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PROSEA Handbook Number

12(2): Medicinal and poisonous plants 2


Acalypha grandis Benth.

This article should be read together with the article on the genus: Acalypha in the Handbook volume indicated above in this database.


in Hook., Lond. Journ. Bot. 2: 232 (1843).


Acalypha consimilis Müll. Arg. (1866).

Vernacular Names

Indonesia: saboboku (Halmahera), lofiti roriha (Ternate), ekor kuching utan (Malay). Papua New Guinea: atepulopulo (Wagawaga, Milne Bay). Vietnam: tai t[uw][owj]ng l[ows]n.


From the Philippines southward to the Moluccas and eastward to New Guinea, Admiralty Islands and Bismarck Archipelago. Cultivated in Thailand and Vietnam.


In the Moluccas, the sap of the pounded inner bark is employed as a mouthwash against thrush. The sap of heated leaves in combination with Citrus sap is given as a remedy for thrush in children. Finely crushed leaves and flowers are added to food as an antidiarrhoeal. A poultice of the leaves is an effective remedy for boils and other skin affections. In Milne Bay, Papua New Guinea, leaf sap is drunk with water, to treat diarrhoea and dysentery.


A spreading shrub or small tree up to 10 m tall, young parts fulvous puberulous; leaves broadly ovate, 25 cm x 20 cm, base variably cordate, apex shortly caudate acuminate, margin variably crenate-serrate, petiole up to 17 cm long, stipules lanceolate, up to 1 cm long; male inflorescence up to 20 cm long; female inflorescence up to 17 cm long, lax-flowered, bract very variable, up to 10 cm diameter, toothed, accrescent. Acalypha grandis is found in primary or secondary forest, on stream banks, or in regrowth along lava flows up to 150 m altitude.

Selected Sources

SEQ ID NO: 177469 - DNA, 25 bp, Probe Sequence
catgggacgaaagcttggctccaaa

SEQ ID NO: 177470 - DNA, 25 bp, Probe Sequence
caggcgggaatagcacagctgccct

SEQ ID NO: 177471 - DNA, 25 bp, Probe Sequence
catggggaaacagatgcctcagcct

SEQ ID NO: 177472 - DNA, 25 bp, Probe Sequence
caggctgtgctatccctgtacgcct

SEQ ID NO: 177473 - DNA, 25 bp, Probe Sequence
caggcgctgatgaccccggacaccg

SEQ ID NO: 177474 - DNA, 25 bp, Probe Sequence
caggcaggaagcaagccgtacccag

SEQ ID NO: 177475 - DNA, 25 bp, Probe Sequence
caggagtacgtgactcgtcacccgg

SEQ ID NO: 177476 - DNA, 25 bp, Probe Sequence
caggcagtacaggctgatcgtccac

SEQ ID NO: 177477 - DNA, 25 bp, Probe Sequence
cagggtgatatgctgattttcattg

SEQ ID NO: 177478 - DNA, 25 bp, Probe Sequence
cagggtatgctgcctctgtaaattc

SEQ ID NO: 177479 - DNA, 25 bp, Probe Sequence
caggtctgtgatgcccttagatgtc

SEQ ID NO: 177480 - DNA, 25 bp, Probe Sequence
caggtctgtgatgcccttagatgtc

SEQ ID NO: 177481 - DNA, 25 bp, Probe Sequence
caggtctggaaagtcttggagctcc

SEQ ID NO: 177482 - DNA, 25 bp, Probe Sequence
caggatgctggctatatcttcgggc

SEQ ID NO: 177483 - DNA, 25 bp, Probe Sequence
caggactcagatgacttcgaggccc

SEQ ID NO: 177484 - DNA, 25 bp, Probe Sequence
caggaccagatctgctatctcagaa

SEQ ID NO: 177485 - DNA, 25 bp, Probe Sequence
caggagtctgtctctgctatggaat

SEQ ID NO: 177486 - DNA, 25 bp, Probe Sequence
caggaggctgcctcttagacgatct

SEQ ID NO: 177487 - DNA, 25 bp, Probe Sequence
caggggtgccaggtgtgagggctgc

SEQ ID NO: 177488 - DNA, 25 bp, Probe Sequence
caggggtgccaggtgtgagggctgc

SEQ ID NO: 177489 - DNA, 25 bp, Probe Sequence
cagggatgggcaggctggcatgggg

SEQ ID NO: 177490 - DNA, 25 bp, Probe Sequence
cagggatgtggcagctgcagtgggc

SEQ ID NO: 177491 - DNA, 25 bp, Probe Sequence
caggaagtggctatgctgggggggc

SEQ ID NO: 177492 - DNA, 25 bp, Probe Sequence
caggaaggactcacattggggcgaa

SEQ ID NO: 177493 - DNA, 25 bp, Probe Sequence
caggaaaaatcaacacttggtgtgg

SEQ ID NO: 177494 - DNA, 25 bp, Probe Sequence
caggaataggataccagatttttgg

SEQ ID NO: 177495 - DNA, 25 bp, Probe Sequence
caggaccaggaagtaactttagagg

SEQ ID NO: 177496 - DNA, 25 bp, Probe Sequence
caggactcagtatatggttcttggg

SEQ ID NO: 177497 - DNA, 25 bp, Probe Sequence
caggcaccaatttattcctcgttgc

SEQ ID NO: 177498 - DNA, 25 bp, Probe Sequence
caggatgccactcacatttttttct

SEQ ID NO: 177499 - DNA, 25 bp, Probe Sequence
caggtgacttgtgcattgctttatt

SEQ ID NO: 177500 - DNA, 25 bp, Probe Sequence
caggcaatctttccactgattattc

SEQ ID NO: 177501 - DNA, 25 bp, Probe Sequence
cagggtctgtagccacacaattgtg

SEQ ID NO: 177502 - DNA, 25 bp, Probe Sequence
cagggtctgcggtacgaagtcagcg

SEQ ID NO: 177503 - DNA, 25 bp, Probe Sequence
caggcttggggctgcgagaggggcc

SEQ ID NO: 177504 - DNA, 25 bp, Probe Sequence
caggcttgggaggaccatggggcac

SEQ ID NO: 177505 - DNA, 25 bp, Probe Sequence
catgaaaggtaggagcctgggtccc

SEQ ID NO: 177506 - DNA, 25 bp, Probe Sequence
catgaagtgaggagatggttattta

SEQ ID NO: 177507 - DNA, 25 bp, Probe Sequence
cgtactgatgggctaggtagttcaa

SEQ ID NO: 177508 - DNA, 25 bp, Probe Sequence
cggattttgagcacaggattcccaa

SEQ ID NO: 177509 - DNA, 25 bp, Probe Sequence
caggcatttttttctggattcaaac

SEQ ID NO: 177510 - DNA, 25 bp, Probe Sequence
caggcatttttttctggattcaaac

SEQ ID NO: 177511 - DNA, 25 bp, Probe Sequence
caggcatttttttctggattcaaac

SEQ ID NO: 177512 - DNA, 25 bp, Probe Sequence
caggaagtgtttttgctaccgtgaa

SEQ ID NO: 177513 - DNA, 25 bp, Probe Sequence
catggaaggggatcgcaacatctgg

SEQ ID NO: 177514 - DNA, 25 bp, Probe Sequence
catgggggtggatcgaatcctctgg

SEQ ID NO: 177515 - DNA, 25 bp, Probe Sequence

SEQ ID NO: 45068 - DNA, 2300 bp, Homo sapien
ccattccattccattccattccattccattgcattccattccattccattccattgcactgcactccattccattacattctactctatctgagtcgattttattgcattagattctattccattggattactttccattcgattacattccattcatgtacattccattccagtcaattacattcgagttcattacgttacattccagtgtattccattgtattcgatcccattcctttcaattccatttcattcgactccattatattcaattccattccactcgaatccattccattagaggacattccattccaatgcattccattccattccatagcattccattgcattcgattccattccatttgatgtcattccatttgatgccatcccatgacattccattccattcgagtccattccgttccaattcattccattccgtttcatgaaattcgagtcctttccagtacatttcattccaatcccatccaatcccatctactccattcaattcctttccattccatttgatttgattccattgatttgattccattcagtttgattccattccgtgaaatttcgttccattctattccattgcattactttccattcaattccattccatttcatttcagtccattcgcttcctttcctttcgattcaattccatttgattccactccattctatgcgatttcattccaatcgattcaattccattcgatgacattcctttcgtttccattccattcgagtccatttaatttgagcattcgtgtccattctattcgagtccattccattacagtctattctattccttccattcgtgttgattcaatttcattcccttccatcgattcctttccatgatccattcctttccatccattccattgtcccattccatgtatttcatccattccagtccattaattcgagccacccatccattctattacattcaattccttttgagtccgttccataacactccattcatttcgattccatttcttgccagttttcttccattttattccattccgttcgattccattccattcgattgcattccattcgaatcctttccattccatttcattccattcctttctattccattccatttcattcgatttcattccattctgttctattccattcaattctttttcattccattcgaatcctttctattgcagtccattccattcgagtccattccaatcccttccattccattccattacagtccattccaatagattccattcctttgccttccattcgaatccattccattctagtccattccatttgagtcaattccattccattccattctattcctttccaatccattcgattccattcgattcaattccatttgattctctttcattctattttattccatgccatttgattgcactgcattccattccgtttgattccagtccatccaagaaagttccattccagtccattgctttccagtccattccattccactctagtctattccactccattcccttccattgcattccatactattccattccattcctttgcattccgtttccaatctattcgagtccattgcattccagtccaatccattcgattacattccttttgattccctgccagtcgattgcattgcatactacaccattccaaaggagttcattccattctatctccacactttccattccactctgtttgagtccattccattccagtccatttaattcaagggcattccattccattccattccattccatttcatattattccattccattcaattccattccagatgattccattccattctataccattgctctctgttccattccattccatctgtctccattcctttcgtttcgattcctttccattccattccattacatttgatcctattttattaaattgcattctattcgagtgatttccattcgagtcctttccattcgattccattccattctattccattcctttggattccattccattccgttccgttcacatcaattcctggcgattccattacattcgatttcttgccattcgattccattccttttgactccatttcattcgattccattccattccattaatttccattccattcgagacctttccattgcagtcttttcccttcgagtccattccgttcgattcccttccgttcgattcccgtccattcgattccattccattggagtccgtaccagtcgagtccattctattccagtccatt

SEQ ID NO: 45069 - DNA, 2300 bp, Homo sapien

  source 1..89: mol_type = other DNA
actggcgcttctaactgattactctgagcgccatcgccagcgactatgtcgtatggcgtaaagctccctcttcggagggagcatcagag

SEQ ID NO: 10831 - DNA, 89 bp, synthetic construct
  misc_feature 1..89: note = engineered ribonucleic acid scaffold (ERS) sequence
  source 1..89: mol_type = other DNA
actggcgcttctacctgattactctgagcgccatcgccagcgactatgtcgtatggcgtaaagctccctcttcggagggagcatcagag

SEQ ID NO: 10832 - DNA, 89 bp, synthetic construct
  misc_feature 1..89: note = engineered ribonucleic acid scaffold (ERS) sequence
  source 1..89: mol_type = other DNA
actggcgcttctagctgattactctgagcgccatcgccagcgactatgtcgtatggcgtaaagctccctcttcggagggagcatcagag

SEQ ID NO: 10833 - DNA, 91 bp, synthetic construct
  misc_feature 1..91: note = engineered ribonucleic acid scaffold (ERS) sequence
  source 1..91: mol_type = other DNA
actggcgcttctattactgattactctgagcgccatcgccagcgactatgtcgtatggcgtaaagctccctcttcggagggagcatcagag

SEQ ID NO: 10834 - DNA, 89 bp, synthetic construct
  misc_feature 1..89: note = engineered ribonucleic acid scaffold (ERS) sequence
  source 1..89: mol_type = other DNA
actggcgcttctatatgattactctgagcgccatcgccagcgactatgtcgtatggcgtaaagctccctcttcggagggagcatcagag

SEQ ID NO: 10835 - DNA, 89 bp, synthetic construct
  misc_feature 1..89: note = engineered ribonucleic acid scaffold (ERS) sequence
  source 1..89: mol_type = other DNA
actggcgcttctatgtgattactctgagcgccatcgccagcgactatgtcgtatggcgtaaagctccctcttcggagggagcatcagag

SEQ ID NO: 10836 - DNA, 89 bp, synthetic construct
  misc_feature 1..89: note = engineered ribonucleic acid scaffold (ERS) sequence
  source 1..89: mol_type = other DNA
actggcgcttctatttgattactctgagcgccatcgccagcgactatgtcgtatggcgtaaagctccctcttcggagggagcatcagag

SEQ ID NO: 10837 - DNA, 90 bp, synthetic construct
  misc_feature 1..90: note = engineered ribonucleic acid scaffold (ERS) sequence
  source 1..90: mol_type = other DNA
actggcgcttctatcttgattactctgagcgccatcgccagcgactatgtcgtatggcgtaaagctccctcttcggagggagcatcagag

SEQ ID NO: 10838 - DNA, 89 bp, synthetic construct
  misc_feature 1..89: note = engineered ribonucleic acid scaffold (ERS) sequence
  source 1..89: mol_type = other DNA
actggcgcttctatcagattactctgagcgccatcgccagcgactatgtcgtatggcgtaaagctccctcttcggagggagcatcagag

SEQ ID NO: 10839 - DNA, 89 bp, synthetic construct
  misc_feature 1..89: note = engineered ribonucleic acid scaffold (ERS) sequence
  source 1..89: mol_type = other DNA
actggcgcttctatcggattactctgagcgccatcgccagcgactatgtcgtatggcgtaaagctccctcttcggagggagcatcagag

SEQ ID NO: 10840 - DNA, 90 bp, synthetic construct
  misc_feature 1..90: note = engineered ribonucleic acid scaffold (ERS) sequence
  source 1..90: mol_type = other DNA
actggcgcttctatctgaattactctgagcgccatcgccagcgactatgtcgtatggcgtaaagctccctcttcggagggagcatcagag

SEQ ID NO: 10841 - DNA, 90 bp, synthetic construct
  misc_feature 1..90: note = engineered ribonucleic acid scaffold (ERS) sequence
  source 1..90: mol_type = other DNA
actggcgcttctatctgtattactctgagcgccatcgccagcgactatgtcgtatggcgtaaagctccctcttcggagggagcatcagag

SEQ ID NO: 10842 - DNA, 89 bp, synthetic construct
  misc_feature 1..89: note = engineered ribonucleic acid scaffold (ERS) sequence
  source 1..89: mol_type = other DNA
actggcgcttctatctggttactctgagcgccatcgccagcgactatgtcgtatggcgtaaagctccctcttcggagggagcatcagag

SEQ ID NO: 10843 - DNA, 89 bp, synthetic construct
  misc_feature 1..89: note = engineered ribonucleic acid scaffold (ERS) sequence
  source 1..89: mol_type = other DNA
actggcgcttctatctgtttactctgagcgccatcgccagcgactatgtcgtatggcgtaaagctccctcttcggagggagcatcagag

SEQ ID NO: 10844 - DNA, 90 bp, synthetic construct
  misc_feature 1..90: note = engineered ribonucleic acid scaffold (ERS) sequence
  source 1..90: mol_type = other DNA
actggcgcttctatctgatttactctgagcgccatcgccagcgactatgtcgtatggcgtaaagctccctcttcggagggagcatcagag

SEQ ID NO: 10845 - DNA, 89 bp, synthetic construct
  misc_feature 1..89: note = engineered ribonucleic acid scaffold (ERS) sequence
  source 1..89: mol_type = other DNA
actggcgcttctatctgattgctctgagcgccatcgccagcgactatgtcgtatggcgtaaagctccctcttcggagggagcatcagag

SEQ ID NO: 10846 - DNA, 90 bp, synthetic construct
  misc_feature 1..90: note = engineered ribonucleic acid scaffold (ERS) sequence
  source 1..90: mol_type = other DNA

[31] Airy Shaw, H.K., 1972. The Euphorbiaceae of Siam. Kew Bulletin 26: 191—363.
[33] Airy Shaw, H.K., 1980. The Euphorbiaceae of New Guinea. Kew Bulletin Additional Series VIII. Her Majesty's Stationery Office, London, United Kingdom. 243 pp.
[35] Airy Shaw, H.K., 1982. The Euphorbiaceae of Central Malesia (Celebes, Moluccas, Lesser Sunda Is.). Kew Bulletin 37: 1—40.
[320] Fosberg, F.R. & Sachet, M.H., 1980. Systematic studies of Micronesian plants. Smithsonian Contributions to Botany 45: 1—40.
[407] Heyne, K., 1950. De nuttige planten van Indonesië [The useful plants of Indonesia]. 3rd Edition. 2 volumes. W. van Hoeve, 's-Gravenhage, the Netherlands/Bandung, Indonesia. 1660 + CCXLI pp.
[418] Holdsworth, D.K., 1977. Medicinal plants of Papua New Guinea. Technical Paper No 175. South Pacific Commission, Noumea, New Caledonia. 123 pp.
[786] Perry, L.M., 1980. Medicinal plants of East and Southeast Asia. Attributed properties and uses. MIT Press, Cambridge, Massachusetts, United States & London, United Kingdom. 620 pp.


Arbayah H. Siregar

Correct Citation of this Article

Siregar, A.H., 2001. Acalypha grandis Benth.. In: van Valkenburg, J.L.C.H. and Bunyapraphatsara, N. (Editors): Plant Resources of South-East Asia No 12(2): Medicinal and poisonous plants 2. PROSEA Foundation, Bogor, Indonesia. Database record:

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